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for events the day of Wednesday, December 9, 2015.

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    November 2015          December 2015           January 2016    
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  1  2  3  4  5  6  7          1  2  3  4  5                   1  2
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Wednesday, December 9, 2015

2:00 pm in 241 Altgeld Hall,Wednesday, December 9, 2015

Gromov Hyperbolicity Implies Congestion

Matt Yancey

Abstract: In this talk we will explore routing networks and conditions that would cause congestion in those networks. For a fixed graph $G$ with vertices $u,v$, let $P_{u,v}$ denote the set of paths from $u$ to $v$ of minimum length. As shorthand, let $n = \|V(G)\|$. Let $P_{u,v}(w) = \{ P \in P_{u,v} : w \in P\}$. We define the demand at a vertex $w$ to be $ \sum_{u,v} \|P_{u,v}(w)\| / \|P_{u,v}\|, $ and denote it by $D(w)$. In most real-world networks, the average and maximum value of $d(u,v)$ for arbitrary vertices $u, v$ is around $c \log(n)$, so the average value of demand is around $c n \log(n)$. If $G$ is drawn from some probabilistic model $M$, then we say that $M$ has congestion if with high probability $0 < n^{-2} \max_{w \in G} D(w) $ (informally, congestion is when some vertex has to deal with a constant proportion of all traffic flowing through the network). The Autonomous System Network (i.e. the commercial interactions that run the Internet) is well-known to be congested. In a ground breaking project, it has been shown that the ASN has an embedding into a hyperbolic plane with small distortion. A question of intense study recently has been whether or not hyperbolicity could be used to imply the existence of congestion. Gromov defined when a group is hyperbolic based on a property that the group's Cayley graph does or does not satisfy. Specifically, a graph $G$ is $\delta$-hyperbolic if for every four vertices in $G$ combined with any ordering $a_1, a_2, a_3, a_4$ satisfy $ \max \{d(a_1, a_2) + d(a_3, a_4) , d(a_1, a_3) + d(a_2, a_4) \} + \delta \geq d(a_1, a_4) + d(a_2, a_3) . $ A group is hyperbolic if its Cayley graph is $\delta$-hyperbolic for some finite $\delta$. Using this condition as our discrete analogue of hyperbolicity, we provide the first rigorous results relating hyperbolicity to congestion.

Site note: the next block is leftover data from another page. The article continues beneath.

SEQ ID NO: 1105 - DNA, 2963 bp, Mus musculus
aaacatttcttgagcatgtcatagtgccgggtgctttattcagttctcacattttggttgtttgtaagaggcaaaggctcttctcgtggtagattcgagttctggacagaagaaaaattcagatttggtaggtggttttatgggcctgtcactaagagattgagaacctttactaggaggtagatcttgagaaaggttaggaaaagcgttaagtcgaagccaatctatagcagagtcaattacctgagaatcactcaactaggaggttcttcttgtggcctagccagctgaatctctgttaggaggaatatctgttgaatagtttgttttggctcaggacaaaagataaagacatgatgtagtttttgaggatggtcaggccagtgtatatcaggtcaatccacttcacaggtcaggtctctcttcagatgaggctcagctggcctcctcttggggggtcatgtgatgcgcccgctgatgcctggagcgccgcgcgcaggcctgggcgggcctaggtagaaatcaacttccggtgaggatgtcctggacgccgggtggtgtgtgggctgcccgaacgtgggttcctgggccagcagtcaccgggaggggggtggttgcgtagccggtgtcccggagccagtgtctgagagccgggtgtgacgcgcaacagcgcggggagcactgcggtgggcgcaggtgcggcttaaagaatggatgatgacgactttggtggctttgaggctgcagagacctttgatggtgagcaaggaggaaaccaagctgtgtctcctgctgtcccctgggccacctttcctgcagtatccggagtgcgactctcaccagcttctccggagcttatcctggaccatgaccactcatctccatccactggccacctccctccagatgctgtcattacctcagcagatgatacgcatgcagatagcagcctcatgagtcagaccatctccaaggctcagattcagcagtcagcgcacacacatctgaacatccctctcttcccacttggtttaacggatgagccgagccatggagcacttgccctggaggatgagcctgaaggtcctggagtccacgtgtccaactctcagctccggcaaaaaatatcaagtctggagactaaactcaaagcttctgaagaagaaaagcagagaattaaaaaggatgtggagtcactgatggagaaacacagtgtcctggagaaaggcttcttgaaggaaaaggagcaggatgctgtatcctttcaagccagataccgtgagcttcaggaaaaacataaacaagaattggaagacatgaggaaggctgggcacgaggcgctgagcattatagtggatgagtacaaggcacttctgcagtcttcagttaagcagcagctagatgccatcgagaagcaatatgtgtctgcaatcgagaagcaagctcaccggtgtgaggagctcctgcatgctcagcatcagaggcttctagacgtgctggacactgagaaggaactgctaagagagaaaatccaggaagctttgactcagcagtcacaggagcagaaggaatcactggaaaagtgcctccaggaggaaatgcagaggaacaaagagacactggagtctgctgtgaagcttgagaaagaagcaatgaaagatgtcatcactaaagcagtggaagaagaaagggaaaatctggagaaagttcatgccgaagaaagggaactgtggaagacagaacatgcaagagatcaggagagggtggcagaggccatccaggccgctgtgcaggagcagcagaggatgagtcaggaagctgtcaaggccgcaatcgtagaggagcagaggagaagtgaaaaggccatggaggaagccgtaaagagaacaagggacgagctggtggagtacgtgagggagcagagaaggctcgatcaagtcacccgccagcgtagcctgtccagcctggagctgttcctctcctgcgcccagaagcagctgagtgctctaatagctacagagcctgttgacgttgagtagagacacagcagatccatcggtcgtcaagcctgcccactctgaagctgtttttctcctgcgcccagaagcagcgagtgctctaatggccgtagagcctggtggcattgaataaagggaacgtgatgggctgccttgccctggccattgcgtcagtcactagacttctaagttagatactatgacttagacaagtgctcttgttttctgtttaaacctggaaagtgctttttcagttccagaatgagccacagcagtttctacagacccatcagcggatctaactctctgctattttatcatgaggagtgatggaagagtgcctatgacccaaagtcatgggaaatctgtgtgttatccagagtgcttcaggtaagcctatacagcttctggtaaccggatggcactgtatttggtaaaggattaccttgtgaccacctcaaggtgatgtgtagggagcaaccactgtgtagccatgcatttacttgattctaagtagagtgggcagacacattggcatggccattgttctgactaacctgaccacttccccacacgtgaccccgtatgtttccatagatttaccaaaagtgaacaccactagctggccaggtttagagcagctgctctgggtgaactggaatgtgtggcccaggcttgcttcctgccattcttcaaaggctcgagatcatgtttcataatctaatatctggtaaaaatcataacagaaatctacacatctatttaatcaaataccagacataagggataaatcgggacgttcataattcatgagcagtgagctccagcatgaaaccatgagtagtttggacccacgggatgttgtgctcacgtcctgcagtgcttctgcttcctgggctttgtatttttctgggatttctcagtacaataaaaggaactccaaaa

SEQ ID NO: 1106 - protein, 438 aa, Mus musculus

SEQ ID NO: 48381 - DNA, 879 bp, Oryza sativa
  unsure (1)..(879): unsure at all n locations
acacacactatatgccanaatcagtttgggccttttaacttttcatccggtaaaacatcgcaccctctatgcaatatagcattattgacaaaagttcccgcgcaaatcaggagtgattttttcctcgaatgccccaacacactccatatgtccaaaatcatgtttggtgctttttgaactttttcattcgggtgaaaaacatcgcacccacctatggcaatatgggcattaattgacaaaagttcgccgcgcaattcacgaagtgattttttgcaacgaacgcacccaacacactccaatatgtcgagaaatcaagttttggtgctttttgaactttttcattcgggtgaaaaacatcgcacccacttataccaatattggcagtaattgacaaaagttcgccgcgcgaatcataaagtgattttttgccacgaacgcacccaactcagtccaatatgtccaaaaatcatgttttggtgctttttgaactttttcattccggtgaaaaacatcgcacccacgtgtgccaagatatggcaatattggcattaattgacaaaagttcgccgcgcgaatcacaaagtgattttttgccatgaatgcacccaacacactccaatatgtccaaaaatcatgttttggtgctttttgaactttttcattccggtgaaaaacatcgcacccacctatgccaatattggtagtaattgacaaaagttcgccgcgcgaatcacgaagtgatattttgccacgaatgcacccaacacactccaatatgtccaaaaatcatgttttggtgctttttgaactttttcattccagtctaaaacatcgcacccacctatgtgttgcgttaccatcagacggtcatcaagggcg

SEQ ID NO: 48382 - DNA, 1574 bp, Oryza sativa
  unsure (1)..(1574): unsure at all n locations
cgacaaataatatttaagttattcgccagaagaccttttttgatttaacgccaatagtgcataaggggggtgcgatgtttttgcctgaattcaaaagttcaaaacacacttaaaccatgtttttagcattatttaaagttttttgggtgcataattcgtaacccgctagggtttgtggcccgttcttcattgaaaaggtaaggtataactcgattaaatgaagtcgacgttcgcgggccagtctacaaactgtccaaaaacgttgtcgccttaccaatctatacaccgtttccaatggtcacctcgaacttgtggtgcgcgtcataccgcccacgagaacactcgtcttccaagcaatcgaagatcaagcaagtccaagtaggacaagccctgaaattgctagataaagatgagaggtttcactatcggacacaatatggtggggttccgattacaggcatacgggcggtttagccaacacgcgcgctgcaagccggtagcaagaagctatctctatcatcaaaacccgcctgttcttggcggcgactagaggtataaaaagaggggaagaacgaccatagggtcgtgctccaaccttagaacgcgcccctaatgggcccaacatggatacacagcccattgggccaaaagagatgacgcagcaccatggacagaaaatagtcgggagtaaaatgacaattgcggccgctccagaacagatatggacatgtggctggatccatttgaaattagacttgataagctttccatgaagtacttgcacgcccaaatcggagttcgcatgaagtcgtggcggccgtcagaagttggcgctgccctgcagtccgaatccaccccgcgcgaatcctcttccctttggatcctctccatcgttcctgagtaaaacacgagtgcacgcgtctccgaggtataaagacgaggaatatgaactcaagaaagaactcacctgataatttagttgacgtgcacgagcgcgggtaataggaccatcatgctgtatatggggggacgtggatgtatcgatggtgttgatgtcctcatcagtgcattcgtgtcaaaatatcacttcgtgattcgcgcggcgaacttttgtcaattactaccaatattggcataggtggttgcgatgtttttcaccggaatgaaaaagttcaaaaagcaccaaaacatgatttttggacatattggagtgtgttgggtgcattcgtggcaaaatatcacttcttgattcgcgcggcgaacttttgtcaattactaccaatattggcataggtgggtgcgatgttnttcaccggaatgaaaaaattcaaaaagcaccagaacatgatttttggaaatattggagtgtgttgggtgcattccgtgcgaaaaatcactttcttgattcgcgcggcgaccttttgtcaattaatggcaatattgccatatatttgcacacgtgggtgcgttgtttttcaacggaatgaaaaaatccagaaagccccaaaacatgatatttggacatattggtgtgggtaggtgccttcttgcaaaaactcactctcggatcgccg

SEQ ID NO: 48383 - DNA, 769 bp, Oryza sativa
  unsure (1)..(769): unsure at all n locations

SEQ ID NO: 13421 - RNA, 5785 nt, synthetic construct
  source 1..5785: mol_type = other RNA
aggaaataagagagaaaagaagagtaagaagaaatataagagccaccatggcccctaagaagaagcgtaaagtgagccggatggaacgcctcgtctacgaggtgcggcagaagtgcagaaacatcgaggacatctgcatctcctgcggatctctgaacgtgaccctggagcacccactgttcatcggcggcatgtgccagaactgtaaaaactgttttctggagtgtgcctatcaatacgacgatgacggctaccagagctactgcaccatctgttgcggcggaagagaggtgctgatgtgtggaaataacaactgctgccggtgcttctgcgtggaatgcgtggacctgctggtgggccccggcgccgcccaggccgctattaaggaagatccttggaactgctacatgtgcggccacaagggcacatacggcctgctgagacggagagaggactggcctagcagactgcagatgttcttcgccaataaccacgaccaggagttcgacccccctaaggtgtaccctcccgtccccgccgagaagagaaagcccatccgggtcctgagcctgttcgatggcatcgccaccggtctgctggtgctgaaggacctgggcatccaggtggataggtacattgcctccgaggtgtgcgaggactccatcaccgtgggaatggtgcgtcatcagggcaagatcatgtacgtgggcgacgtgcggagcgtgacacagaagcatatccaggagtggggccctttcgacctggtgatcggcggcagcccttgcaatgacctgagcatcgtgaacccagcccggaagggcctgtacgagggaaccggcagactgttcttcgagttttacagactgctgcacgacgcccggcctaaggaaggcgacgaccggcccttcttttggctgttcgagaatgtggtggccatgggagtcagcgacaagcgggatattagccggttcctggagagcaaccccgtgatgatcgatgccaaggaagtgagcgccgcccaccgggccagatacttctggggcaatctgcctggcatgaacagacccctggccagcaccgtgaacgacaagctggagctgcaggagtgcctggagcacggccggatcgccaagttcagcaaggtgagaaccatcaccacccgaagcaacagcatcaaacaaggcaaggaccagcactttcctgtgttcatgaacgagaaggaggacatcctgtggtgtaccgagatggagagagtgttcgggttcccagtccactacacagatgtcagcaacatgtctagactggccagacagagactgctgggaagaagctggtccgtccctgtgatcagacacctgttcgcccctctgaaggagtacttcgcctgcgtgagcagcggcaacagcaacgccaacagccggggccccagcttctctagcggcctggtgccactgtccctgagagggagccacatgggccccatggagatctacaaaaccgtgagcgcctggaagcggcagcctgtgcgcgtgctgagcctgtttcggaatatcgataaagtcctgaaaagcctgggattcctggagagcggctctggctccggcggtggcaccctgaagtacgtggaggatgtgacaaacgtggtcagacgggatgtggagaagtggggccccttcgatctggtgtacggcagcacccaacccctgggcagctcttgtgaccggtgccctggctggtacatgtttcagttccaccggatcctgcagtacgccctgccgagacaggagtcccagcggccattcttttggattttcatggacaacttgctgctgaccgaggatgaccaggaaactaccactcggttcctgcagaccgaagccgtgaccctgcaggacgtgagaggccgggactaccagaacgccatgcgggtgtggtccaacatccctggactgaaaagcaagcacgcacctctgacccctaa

3:00 pm in 145 Altgeld Hall,Wednesday, December 9, 2015

Crystals and diagram foldings

Travis Scrimshaw (University of Minnesota)

Abstract: Crystals are combinatorial skeletons for quantum group representations and have been shown to have deep connections well beyond representation theory. We discuss two crystal models, the Littelmann path model and rigged configurations, and show that they are both reflect that natural embedding of root/weight lattices from a diagram folding.

4:00 pm in 245 Altgeld Hall,Wednesday, December 9, 2015

Factors in graphs, weighted graphs and directed graphs

Theodore Molla (University of Illinois at Urbana-Champaign)

Abstract: A factor is a subgraph that contains all of the vertices of its host graph, so a perfect matching is a factor consisting entirely of vertex disjoint edges and a Hamiltonian cycle is a factor that is a cycle. Many celebrated theorems in graph theory give sufficient conditions for the existence of a specific factor. For example, Dirac's Theorem states that if $G$ is a graph on $n$ vertices, $n \ge 3$ and the minimum degree of $G$ is at least $n/2$, then $G$ contains a Hamiltonian cycle. In this talk, we will discuss several theorems on the existence of factors in graphs, weighted graphs and directed graphs that are similar to Dirac's Theorem.